A common counter argument that 'The Steelers would have got in from the 1/2 yard line anyway' is both moot and irrelevant.

However, I think the insinuation that Kimo deliberately injured Palmer by going for the legs is hugely insulting and has no real basis in reality - the real cheap shot here is on Mr Von Oelhoffen.

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The Patriots didn't bother with swagger to start this NFL season; they went straight to defiant. Either you're one of them or you're about to get crushed.

Last edited by Livinginthe past; 03-24-2006 at 02:23 AM.
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Old 03-24-2006, 02:56 AM   #7
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Default Re: NFL concerned with perception of officiating

LOL...the chiefs want more teams in the play offs. That's hilarious!
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Old 03-24-2006, 04:55 AM   #8
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Default Re: NFL concerned with perception of officiating

Quote:
Originally Posted by Suitanim
The Chefs (no typo there) want 14 playoff teams every year? I wonder why?
Chiefs GM Carl Peterson started whineing and complaining practically the first day or two after KC was eliminated from the playoffs about how there should be more teams in the post season.
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Old 03-24-2006, 07:28 PM   #9
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Default Re: NFL concerned with perception of officiating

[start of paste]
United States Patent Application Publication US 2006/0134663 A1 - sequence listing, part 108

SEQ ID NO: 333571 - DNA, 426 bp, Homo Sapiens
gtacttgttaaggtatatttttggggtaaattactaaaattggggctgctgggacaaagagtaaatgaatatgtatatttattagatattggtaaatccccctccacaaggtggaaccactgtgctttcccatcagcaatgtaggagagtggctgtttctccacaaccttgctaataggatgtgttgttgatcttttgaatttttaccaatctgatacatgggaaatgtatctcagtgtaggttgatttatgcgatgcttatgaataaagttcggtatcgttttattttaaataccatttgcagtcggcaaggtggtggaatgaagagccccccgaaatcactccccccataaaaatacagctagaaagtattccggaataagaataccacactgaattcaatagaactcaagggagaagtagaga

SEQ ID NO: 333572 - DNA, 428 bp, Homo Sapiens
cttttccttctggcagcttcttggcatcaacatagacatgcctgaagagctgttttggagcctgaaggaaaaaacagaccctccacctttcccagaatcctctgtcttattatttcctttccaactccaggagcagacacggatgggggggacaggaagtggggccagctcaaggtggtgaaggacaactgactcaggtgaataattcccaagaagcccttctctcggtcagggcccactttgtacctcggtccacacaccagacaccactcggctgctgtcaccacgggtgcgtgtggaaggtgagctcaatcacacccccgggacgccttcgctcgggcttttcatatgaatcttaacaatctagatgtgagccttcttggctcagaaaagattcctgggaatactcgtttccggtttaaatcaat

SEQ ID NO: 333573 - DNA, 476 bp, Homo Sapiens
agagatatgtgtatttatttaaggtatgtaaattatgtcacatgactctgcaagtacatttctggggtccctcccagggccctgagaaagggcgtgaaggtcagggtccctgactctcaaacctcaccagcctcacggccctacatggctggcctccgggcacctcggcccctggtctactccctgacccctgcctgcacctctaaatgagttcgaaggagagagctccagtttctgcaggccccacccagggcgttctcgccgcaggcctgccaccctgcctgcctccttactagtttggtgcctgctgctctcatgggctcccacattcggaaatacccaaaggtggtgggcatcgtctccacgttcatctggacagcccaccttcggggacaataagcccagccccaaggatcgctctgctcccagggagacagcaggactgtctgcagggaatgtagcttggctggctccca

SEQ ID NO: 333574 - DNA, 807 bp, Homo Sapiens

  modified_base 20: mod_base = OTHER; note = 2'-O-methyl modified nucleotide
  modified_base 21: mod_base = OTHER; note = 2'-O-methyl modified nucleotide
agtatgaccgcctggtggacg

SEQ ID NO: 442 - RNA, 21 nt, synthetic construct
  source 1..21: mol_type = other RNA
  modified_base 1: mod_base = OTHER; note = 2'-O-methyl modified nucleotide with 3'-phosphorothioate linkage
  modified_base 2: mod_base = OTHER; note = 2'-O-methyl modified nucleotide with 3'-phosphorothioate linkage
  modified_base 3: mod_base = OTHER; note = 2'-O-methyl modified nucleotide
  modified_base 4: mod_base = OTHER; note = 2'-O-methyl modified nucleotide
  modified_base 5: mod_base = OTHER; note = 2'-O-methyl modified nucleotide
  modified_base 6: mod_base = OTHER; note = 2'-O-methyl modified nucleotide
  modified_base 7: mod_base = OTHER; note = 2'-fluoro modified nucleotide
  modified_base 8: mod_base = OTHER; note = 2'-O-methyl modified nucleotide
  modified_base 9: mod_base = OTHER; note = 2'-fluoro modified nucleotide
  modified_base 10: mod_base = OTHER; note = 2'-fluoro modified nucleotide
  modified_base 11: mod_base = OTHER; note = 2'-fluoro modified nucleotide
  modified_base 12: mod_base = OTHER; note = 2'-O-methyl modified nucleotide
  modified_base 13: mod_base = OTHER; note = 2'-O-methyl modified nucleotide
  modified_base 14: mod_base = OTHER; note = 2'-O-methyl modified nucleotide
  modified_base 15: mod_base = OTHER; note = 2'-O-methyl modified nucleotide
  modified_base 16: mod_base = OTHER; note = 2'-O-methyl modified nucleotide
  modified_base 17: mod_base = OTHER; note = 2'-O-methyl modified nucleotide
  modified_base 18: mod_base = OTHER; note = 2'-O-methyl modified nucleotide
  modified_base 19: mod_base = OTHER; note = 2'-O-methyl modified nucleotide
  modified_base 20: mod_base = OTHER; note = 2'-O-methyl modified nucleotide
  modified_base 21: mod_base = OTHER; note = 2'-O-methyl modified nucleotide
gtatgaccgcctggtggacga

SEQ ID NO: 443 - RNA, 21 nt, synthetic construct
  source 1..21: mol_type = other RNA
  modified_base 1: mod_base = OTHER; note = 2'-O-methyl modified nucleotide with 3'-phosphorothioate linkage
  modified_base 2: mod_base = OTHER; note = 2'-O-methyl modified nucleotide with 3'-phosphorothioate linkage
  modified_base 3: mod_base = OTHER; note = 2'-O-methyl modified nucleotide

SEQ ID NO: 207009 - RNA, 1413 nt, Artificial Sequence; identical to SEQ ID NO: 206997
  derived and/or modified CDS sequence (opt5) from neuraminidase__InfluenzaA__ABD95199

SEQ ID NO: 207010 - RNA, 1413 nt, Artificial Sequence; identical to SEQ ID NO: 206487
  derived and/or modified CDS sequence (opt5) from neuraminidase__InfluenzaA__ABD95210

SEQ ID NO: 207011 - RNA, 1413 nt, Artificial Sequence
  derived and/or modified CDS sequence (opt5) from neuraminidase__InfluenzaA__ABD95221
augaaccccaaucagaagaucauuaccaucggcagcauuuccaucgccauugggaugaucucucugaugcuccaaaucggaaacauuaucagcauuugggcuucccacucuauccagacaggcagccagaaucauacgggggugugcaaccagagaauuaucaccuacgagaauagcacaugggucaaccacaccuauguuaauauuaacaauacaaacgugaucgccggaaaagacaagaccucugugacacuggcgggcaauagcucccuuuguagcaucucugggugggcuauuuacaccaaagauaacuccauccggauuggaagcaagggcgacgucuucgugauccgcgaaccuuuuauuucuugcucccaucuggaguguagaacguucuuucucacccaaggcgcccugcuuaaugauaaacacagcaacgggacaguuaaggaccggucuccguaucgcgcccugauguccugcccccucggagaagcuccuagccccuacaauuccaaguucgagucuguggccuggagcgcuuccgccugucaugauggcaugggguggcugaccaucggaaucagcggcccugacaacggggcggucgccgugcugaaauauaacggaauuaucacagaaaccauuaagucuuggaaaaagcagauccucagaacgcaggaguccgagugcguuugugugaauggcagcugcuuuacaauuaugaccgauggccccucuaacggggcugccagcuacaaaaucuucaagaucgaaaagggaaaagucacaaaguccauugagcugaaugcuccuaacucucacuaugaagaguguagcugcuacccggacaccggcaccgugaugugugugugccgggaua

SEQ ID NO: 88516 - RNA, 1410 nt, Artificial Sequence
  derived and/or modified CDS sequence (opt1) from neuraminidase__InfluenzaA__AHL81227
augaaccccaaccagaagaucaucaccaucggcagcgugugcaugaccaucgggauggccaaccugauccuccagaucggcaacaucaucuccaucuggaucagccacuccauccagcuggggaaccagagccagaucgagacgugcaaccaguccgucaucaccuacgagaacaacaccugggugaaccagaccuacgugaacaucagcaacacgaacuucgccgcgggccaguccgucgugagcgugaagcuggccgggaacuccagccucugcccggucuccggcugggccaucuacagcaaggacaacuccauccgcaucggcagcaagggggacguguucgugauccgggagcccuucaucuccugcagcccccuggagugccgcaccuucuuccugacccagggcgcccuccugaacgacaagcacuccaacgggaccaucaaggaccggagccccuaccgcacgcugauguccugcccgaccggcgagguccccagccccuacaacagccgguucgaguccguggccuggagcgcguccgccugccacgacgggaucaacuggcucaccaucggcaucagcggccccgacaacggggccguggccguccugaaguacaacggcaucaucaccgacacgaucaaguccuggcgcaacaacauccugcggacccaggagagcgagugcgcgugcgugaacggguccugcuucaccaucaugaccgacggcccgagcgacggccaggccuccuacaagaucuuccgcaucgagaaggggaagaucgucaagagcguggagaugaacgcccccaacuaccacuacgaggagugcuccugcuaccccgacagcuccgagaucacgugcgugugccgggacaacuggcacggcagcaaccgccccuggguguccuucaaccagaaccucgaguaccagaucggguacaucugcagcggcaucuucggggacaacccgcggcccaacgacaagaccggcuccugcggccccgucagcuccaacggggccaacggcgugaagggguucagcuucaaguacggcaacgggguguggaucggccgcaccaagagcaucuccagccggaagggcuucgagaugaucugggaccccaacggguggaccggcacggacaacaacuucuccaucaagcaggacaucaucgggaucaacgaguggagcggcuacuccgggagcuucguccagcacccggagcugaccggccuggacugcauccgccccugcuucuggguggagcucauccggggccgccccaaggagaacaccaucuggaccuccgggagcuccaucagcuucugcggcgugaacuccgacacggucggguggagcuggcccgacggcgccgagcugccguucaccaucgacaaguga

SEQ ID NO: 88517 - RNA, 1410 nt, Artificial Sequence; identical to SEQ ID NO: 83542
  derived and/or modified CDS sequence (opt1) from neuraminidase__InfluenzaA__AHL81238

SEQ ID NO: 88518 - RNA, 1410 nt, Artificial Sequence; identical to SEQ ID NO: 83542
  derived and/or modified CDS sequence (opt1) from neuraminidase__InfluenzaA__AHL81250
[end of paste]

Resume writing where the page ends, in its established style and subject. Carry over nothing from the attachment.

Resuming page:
Nice ending to your post there, Ambridge...(lol).

What kinda upsets me about this is that nowhere in the article does it refer to the injuries that Steelers QBs have had to endure by other teams over the years, i.e., Maddox (which almost paralyzed him) and Roethlisberger, but they sure are quick to point the finger at the Steelers defense for injuries sustained by other teams' QBs at the hands of the Steelers. Can you imagine what it would be like if the Steelers took out Brady the way they took out Palmer even though it wasn't intentional? WW3 would probably break out!
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Old 03-25-2006, 01:46 AM   #10
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Default Re: NFL concerned with perception of officiating

Quote:
Originally Posted by SteelerzGirl


Nice ending to your post there, Ambridge...(lol).

What kinda upsets me about this is that nowhere in the article does it refer to the injuries that Steelers QBs have had to endure by other teams over the years, i.e., Maddox (which almost paralyzed him) and Roethlisberger, but they sure are quick to point the finger at the Steelers defense for injuries sustained by other teams' QBs at the hands of the Steelers. Can you imagine what it would be like if the Steelers took out Brady the way they took out Palmer even though it wasn't intentional? WW3 would probably break out!
Thats probably the only way you would stop the Patriots beating the Steelers these days - desperate situations call for desperate actions.

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The Patriots didn't bother with swagger to start this NFL season; they went straight to defiant. Either you're one of them or you're about to get crushed.